CS::SkipList Library is a C++ template library of containers based on skip lists. These containers work like sets and maps, but can also be accessed via numerical index. This collection has vector-like containers where all operations work in logarithmic time. It also has a composite container where you can order the same elements in many different ways at the same time.
Capsule Tree is a general purpose, self-balancing tree data structure for large, ordered data sets. It is designed to provide the same characteristics as B-trees and B+trees, but built from the ground up for in-memory usage. In other words, there are no provisions for “slow” I/O cases. The original motivation for this tree was a better backend for memory managers. However, the end result was a new sub-category of trees.
Click'n'Drag is a Python module that introduces the "Plane" class, which extends PyGame's "Surface" functionality, offering a hierarchy of mouse-sensitive, draggable Surfaces that can be used as sprites, windows, icons, or other interactive elements. In addition, the clickndrag.gui module uses clickndrag to provide basic GUI elements like container, label, text box, option list, and button.
Cling is a complete, clean, and very flexible Java implementation of the UPnP Device Architecture specification. Additional UPnP service modules and graphical tools are also part of this project. Cling helps you create, control, and monitor UPnP-compatible services on your local network. Cling can be used as an UPnP/DLNA library for Android application development.
ClusterShell is a set of tools and an event-based Python library to execute commands on local or remote cluster nodes in parallel. The framework also provides advanced methods for handling node sets and node groups to ease and improve administration of large compute clusters or server farms. Three convenient command line utilities, clush, clubak, and nodeset, allow traditional shell scripts to benefit some useful features offered by the library.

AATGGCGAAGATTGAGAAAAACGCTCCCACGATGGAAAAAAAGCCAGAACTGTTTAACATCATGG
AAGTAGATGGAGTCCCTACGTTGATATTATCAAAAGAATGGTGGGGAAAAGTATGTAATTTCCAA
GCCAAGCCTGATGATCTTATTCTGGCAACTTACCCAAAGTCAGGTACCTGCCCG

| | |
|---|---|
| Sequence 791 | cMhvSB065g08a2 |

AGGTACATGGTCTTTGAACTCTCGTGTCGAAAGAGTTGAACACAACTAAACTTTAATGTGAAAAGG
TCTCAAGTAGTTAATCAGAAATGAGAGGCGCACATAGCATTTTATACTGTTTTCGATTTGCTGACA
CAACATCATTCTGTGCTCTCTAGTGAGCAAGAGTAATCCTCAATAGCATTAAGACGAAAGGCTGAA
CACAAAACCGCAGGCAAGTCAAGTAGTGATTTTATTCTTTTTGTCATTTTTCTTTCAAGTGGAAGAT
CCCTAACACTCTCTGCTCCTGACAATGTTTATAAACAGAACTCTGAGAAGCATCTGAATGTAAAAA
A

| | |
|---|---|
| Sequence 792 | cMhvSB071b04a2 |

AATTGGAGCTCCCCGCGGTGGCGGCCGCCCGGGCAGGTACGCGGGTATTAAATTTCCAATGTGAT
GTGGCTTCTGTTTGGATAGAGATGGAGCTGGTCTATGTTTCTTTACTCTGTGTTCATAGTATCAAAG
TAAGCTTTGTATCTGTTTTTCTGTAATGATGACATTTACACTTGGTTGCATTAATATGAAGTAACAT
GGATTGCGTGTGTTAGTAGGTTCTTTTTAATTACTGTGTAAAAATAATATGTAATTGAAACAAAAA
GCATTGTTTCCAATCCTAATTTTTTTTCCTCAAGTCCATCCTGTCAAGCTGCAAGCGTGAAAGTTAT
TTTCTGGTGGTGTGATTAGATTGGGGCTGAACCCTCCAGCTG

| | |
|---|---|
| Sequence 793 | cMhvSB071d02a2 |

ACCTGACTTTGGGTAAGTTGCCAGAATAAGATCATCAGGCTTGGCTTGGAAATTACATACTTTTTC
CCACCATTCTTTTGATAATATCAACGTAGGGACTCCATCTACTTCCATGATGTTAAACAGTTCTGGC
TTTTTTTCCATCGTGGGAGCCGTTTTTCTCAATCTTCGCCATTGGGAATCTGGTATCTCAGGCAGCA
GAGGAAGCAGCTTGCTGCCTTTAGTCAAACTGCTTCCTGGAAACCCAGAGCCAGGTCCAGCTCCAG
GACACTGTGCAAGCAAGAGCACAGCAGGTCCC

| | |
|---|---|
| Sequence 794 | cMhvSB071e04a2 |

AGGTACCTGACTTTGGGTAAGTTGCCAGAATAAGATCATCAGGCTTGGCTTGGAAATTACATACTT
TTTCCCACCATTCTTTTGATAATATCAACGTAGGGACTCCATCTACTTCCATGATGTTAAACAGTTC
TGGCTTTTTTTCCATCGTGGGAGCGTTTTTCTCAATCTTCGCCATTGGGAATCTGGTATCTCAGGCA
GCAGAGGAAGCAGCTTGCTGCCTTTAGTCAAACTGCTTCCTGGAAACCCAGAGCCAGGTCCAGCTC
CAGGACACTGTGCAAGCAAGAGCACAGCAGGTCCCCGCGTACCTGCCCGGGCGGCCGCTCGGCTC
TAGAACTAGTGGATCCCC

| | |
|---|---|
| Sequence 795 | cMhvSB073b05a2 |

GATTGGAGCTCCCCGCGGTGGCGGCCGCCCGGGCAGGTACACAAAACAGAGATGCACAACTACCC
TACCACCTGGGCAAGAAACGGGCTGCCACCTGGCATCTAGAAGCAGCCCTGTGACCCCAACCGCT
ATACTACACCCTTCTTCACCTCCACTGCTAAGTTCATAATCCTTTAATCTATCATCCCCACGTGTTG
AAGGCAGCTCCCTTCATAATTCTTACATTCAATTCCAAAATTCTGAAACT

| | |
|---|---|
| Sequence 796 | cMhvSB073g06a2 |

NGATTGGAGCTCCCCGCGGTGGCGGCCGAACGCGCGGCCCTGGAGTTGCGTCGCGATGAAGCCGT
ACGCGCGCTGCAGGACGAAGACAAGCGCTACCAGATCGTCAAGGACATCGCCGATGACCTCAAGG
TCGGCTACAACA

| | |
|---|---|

Components 4 Java is a development tool for Java. It provides a framework to organize and separate different parts of code, and fills the gap between the class level and the library level as provided by the Java SE architecture. Additionally, you can organize your classes in well-separated and loosely coupled components. Those can be stuck together graphically into larger compositions. Finally, components and compositions will be distributed among Java archives as specified in assemblies.
The Crossplex package of make macros simplifies the creation of embedded systems, and is powerful enough for large organizations to use for developing elaborate product lines. It allows you to organize many different products under a logical structure, making systems of any complexity easy to specify. When you have many different target platforms, each with multiple different software configurations, Crossplex keeps those configurations from stepping on each other, without requiring redundancy in your source tree. Crossplex allows you to use a single dependency tree encompassing both in-house software and third-party packages, and it is particularly suited to build automation. Crossplex makes it easy to shield your build from the host environment, setting all shell variables explicitly, and giving you complete control over the path that is used at any point in the build. This is nice when you want to support building on a variety of development platforms. Crossplex scales to your needs. You can dabble in the unpacking and patching features as you need them, or you can base your entire system from the ground up on the Crossplex framework. Crossplex supports creation and use of glibc and uClibc toolchains.
D:GameVFS is a minimalist virtual filesystem library for the D programming language oriented at game developers. It provides an easy-to-use API for filesystem-independent file/directory manipulation. It supports basic VFS functionality. Files and directories can be created, read, and written, but not deleted. There are no security features (e.g., D:GameVFS can't handle a situation in which a file it's working with is deleted outside the program).